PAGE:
With the increasing threat of the People Liberation's Army to Asian countries, the US Navy has a new Stealth Destroyer to the US Fleet which increases its combat levels significantly.

This is just timely in an era when combat effectiveness is crucial, and adoption of stealth abilities for ships will increase a first hit chance on opponents of the US Navy in the high seas.

The warship comes at a time when the PLA is bolstering its fleets to match the US Navy fleet, one big difference it offers is technology to overcome any adversary.

For the US Navy to counter such threats like the advancing PLA, it has started on modernization program of the Navy that includes new weapons and countermeasures to blunt the newest anti-ship weapons of the People's Liberation Army (PLA).

In a one-two punch, the US Navy did not just only receive the very first stealth destroyer, but a Flight IIA Arleigh Burke-class destroyer which is more capable than other warships in the US Navy's inventory.

This modernization will keep the quality over quantity as the basis of reliable fighting ships, built to take it to toe to toe with whatever the PLA can throw.

Also read: US Navy Destroyer Challenges China by Sailing Through Waters Near Paracel Islands

Most modern destroyer in the US arsenal

According to the navy, the DDG-1000 Zumwalt is one of 'a three-ship class of stealth destroyers delivered to the Navy nearly four years when the building started. It was delivered in two parts, the hull (mechanical and electrical systems in 2016) and combat systems on April 24, 2020.

With Congress in the 2017 National Defense Authorization Act indicating it will not be included in the battle force until completion the combat systems were fully done. November 2016, BAE Systems was awarded a $192 million contract to develop the combat system for the Zumwalt and the sister ship, the Michael Monsoor.

Developing the stealth ship was not easy with rising costs and change while in construction. Being built as a platform for the Advanced Gun System, to surface strike vessel.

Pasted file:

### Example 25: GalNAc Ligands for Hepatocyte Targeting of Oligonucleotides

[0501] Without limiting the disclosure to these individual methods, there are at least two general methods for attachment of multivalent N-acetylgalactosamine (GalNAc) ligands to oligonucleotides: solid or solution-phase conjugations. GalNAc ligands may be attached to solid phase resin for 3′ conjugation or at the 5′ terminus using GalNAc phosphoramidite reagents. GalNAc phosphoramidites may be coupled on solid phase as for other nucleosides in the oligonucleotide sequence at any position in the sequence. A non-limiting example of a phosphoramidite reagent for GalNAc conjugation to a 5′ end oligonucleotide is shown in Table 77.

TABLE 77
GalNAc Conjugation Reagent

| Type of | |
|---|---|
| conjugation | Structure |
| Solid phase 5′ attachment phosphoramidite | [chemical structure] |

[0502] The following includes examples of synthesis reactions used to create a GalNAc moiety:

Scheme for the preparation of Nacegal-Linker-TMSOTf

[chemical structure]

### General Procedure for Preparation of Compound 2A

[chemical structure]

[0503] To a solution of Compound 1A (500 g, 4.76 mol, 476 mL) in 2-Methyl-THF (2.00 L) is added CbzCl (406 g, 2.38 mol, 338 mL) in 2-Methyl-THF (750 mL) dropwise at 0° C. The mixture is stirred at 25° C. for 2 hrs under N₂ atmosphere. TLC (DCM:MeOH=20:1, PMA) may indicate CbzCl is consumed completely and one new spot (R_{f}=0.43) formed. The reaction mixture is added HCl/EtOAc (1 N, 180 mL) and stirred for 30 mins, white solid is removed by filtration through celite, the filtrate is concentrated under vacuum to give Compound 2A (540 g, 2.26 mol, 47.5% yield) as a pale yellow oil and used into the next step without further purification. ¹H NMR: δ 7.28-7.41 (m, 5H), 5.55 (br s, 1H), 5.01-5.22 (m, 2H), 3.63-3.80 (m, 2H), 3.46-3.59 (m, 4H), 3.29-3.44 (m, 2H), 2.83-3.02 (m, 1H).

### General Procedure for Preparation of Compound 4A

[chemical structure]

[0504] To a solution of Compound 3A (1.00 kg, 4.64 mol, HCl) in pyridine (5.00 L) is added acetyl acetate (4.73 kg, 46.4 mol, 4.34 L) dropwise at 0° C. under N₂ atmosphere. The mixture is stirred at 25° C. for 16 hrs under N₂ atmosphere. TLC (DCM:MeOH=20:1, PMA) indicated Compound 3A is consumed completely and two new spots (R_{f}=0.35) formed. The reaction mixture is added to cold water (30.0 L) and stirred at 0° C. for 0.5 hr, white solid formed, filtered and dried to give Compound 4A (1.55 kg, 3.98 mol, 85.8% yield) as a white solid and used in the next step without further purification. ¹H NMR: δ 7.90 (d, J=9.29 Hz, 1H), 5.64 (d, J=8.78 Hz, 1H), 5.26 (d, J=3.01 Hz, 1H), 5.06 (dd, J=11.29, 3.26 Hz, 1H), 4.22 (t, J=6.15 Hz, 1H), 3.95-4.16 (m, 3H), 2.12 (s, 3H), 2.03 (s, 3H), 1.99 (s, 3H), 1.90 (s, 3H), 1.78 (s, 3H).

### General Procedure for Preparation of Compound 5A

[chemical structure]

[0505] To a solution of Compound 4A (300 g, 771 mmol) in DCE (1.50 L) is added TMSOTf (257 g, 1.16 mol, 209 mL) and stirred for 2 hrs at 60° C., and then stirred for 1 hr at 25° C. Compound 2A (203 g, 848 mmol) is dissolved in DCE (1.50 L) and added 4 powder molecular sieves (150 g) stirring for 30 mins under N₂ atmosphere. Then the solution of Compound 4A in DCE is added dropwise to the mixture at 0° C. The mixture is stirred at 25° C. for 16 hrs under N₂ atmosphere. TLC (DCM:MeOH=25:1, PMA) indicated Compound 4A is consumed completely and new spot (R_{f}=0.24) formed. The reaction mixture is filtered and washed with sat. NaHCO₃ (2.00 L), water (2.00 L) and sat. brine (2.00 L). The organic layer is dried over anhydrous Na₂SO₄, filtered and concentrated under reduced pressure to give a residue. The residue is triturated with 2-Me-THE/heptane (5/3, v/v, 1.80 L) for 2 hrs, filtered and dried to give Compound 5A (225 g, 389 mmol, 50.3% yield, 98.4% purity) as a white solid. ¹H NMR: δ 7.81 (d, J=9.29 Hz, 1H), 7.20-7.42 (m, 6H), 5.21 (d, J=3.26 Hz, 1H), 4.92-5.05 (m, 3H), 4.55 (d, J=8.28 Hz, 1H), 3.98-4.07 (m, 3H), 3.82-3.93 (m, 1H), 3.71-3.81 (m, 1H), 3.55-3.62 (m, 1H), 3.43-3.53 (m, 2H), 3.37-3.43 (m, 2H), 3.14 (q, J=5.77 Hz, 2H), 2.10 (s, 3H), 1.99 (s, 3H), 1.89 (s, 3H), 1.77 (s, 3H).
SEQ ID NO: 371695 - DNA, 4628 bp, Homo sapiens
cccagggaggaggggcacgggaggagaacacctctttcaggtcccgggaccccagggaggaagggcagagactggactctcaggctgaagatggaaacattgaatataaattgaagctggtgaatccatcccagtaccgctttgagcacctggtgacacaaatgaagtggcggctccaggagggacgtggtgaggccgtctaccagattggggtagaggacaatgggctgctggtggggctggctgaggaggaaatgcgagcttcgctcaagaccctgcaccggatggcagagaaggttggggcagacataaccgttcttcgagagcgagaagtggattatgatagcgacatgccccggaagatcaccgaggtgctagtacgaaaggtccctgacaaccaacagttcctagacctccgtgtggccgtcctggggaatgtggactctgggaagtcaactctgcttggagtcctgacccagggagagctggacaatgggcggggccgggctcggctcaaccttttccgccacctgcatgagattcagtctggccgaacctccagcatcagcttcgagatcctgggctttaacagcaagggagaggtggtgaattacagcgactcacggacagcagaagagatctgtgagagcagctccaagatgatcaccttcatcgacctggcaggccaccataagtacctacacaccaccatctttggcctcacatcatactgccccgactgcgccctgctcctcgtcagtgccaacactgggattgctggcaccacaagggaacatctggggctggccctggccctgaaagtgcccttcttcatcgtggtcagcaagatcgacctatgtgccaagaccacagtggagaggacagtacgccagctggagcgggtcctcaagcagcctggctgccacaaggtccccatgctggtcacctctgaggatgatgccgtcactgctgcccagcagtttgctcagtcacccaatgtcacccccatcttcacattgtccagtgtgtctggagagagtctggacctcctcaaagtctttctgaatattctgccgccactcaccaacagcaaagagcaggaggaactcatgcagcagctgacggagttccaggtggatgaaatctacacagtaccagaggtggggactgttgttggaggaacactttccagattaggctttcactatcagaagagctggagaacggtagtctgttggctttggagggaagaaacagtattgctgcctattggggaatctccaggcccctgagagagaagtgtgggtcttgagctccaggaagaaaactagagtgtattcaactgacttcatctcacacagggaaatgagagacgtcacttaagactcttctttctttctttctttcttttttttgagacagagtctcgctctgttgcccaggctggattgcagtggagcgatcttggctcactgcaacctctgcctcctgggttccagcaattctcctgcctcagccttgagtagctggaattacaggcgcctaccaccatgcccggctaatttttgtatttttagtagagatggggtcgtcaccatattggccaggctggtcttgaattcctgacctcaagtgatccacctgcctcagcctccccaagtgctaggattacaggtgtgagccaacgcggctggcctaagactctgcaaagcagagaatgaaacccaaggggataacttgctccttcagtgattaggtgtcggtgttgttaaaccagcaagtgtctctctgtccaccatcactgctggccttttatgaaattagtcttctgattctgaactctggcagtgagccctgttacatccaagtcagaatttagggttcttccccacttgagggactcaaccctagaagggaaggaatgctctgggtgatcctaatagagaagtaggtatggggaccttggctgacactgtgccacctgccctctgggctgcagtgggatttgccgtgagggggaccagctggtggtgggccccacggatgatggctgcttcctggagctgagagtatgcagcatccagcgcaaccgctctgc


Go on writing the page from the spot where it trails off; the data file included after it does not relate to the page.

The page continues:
Purchase of Zumwalt-class destroyers was reduced from 28 to 7 ships, then only 3 ships, because the ammunition is very costly, each Long-Range Land Attack Projectile is expensive to shoot. A new kind of cheaper ammo is needed.

From advance gun platform to a ship killer, that integrates the Maritime Strike Tomahawk and SM-6 missiles integrated into the next-gen combat system.

Sources say that the Michael Monsoor will have its combat systems online by 2nd quarter 2020, confirmed by the Naval Sea Systems Command program brief from January. One of the last sister ships is the Lyndon B. Johnson located at the Bath Iron Works in Maine, with expected delivery by December 2020.

When completed the ship will head to San Diego, California, to have the combat systems fitted and installed the same as the two Zumwalt-destroyers.

The lost advantage is the delivery of the Areligh Burke-class destroyer Delbert Black, DDG-119, constructed in Huntington Ingalls Industries' shipyard in Pascagoula, Mississippi.

One accident that struck the Delbert Black when a Norway-barge hit it, caused a delay with $31 million damages.

Overall the US Navy has four destroyers at Huntington Ingalls, under construction, with the Flight IIA destroyers Frank E. Petersen Jr. (DDG-121) and the Lenah H. Sutcliffe Higbee (DDG-123), and Flight III destroyers Jack H. Lucas (DDG-125) and Ted Stevens (DDG-128). These ships are to join the fleet and be the blunting edge.

Related article: US Warships Challenge People's Liberation Army in South China Sea as Tensions Escalate